I Might Be Getting Too Old for Festivals

So ACL was this weekend.

It was…interesting.

First of all, I don’t know why after three of these, I haven’t been smart enough to buy chairs. I don’t know. I am a masochist.

We showed up later in the afternoon so were only able to catch a couple of shows before Red Hot Chili Peppers.  It was a little stressful because my brother kept taking off somewhere. I don’t like getting separated in large crowds.  We lost my cousin in D.C. during the Stewart/Colbert rally, and it had taken forever to find him. I didn’t want a repeat of that experience.

I made the mistake of picking a spot near the front of the stage to watch the Peppers.  Now that the show is over, I can safely say that…I may be too old for this.  Too old?  Too crotchety? I don’t know.

One of the major unpredictable elements at concerts is the crowd you end up.  The crowd can make or break a show, I think.  The first Foo Fighters show I went to? The crowd was phenomenal.  There was so much energy, and no one annoying was around us.  It’s one of the many reasons why that show is my favorite to this day.

But this crowd?  Not so much.  About a good thirty minutes before the show, people started shoving their way to the front.  Now, if you say “excuse me” while you push your way through, I’m less inclined to be bitchy about it.  But some assholes did not give a FUCK.  I was already irritated and tired, which was a bad combo.  A guy jostled his way through the crowd, and nearly knocked me over. Before I could even comprehend what was happening, I yelled out, “Fuck you, dude!”

I was immediately ashamed.  Who is this person?  I’m not like that. I didn’t want to get the guys with me in trouble because of my big mouth. I should have known better.  Shame and guilt was added on top of my irritation and tiredness.

It got even worse once the show started.  There were some bros in front of us, one of whom picked up his girlfriend on his shoulders.


If you do that at shows, I will just say right now – fuck you. You’re a cunt. I don’t even care.  You are a shitty, entitled person, and I wouldn’t even feel bad if you fell.

Even worse, they were dancing, so her ass was right in my face.  Did I mention that they hit my head when she was climbing up on his shoulders, and nearly pushed me down as she was descending? Yes. This is the part of the show where I got majorly passive-aggressive.  And by passive-aggressive, I mean fighting back enough to where I could fight back against the rudeness and jostling without getting myself beat up. I put my huge bag in front of me so that when they were dancing, I made sure that they hit my bag.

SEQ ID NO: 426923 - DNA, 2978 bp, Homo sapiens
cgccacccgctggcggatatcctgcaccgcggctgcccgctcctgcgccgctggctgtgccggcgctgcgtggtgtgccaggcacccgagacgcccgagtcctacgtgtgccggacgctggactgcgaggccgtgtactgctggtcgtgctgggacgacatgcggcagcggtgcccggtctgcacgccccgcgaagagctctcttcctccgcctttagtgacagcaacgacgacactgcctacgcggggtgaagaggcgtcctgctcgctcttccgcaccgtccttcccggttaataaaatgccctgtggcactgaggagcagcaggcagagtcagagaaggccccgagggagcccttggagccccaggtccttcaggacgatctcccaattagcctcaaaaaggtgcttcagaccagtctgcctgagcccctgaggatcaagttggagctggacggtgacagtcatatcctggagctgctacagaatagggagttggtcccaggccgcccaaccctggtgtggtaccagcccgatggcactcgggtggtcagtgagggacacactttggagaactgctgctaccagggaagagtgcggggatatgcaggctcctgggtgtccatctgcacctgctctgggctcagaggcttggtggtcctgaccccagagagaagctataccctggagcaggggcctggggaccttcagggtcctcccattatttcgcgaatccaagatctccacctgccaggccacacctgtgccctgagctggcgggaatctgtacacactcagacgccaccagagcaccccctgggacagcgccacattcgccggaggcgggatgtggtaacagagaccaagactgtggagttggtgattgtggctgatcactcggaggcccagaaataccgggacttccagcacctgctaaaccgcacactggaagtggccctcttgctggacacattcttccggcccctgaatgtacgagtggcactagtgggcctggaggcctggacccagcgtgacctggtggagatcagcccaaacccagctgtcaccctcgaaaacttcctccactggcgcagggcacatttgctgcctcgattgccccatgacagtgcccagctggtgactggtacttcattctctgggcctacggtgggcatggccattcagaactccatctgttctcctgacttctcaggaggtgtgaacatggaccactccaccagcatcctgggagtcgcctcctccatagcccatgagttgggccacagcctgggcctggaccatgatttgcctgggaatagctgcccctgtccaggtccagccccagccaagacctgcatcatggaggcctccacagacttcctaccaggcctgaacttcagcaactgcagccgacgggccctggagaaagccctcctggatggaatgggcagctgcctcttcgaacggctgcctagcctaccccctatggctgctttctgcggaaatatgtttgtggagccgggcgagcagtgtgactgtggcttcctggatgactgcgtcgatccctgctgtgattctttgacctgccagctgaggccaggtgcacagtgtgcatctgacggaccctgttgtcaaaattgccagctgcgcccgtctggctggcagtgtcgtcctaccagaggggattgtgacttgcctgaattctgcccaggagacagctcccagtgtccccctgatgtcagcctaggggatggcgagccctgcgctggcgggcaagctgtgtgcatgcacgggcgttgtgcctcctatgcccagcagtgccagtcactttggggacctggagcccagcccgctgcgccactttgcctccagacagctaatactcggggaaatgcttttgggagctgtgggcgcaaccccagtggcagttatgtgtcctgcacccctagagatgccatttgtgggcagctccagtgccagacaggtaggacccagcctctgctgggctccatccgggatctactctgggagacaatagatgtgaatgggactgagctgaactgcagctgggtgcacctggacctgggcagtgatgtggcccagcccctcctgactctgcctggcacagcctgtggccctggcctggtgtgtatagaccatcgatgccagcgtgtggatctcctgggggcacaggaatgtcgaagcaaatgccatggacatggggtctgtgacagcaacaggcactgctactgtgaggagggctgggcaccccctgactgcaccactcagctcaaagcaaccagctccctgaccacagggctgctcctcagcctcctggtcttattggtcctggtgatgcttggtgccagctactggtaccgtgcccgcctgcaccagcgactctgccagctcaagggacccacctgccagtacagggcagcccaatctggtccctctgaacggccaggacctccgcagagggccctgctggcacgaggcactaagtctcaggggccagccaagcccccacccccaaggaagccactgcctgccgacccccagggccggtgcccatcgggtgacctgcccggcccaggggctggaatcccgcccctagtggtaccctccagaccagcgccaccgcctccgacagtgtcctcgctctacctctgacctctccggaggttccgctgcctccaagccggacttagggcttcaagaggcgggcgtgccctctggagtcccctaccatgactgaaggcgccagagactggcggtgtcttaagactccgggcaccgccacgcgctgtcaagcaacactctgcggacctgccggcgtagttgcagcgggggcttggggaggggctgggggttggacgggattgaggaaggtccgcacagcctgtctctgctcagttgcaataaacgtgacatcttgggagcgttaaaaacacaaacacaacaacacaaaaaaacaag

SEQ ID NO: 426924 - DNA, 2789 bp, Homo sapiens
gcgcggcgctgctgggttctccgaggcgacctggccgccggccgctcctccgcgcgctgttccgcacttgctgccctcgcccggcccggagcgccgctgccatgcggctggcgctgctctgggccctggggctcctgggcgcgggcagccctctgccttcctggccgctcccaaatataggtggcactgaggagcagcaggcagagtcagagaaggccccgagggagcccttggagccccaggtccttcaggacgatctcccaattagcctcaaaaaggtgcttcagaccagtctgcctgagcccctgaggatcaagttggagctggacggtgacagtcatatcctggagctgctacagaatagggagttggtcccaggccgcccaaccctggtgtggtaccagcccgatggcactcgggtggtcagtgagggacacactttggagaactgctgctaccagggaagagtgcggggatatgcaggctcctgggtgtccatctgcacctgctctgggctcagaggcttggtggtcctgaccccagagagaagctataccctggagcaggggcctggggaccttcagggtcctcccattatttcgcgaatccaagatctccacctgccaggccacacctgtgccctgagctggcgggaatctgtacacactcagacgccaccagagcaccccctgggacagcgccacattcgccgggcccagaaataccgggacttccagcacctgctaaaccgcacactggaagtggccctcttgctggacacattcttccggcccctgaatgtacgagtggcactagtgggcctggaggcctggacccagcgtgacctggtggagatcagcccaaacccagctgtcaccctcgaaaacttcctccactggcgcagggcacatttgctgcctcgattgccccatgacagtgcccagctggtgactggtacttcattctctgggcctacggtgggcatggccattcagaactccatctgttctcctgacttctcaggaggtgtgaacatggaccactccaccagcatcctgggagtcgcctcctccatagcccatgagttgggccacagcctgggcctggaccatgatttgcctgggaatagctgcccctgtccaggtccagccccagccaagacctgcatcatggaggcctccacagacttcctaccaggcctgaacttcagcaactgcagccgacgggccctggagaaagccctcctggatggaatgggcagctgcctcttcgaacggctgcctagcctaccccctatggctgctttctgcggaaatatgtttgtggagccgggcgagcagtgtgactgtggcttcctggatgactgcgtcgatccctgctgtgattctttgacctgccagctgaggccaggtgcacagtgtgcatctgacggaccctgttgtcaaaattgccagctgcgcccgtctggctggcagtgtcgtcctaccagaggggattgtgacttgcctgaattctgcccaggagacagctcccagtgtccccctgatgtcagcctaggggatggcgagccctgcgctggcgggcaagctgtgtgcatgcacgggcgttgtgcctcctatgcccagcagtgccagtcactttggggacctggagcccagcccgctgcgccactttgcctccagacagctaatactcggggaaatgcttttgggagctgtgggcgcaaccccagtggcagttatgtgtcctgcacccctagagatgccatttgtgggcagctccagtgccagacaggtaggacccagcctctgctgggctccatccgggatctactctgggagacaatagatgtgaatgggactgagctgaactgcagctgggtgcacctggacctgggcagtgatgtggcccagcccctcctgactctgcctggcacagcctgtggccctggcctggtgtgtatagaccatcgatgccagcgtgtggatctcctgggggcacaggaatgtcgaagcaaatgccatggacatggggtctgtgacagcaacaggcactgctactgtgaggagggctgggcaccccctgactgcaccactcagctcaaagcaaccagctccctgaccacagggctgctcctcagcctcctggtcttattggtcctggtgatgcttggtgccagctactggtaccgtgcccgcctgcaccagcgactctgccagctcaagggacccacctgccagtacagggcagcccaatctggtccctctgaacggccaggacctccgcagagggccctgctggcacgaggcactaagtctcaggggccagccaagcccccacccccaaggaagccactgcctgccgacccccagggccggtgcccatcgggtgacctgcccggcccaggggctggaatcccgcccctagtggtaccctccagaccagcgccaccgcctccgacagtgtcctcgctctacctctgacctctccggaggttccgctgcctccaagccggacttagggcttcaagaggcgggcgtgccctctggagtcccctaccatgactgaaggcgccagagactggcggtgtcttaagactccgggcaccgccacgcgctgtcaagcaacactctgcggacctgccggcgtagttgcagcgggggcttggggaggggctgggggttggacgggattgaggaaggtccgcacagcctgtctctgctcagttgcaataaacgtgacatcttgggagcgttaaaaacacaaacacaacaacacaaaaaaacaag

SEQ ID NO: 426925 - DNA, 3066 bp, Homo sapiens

Same with the asshole couple next to me who kept bumping hips with me and didn’t even seem to give a shit.  I pushed them back and they bumped hips with me even harder.  “Fine, assholes,” I thought.  Then the band started playing “Give It Away” which was not only AWESOME, but gave me a chance to start dancing exuberantly.  And by exuberantly, I mean make sure I shoved my bag next to the couple who kept bumping into me.  Every time they jostled me, I started not giving a fuck and making sure my bag was getting up close and personal with them.

They backed off.

Towards the end of the show, if people were being assholes about shoving their way through the crowd, I would give them a little extra push as they made their way.  Then I would immediately feel ashamed of myself.

Also, Anthony did not shave his porn stache.

The band was great otherwise.

Long story show – stop being assholes at shows, think about other people around you, and fuck, I hate crowds.


Roy Haynes and the Fountain of Youth Band

Tonight was the first Friday night I’ve had to myself since early December.  At first, the prospect of being by myself on a Friday, without even my brother around to have adventures with, made me feel a little lonely.  Then I hastily reminded myself that there was a period of several years where I was always by myself, so get over it, woman.

Luckily, my drum teacher called me at work this morning and asked if I’d like a free ticket to see Roy Haynes, a legendary jazz drummer, play with his quartet. I’d planned a quiet evening at home, watching TV, catching up on chores, playing my violin until my neighbors burned down my apartment in retaliation.  But seeing a show sounded like a much better idea, so I said, “Hell yeah!”

The crazy thing about Roy Haynes is he’s eighty-seven-years old.  You wouldn’t know it by the way he grooved on-stage fluidly or by the strong, confident hits on the snare and toms. He even had a tap-dance routine where he moved with such ease that I knew he was putting a lot of people in the audience decades younger than him to shame.

The concert was really enjoyable. Besides Mr. Haynes, there was a pianist, a bassist, and a saxophone player.  They all did a fantastic job, but besides the drumming, I enjoyed the bass playing the most.  The bassist was really incredible.

I’m really grateful to my drum teacher for giving me a free ticket.  I was second row and had great seats.  It was a treat to watch.

Side note- there was a douche in the audience who thought that yelling “YEAH!” when the rest of the room was quiet was totally appropriate.  He kept talking back to Mr. Haynes at really weird times too.  Like Mr. Haynes said, “You’re cool,” to one of the musicians, and the douche in the audience yelled, “NO, HE’S WARM.”  I really wanted to punch him in the face.  Man, it’s a jazz concert, not a Lynyrd Skynyrd show.  Show some respect, seriously.

An Aborted Attempt at Moshing (At a Huey Lewis and the News Show)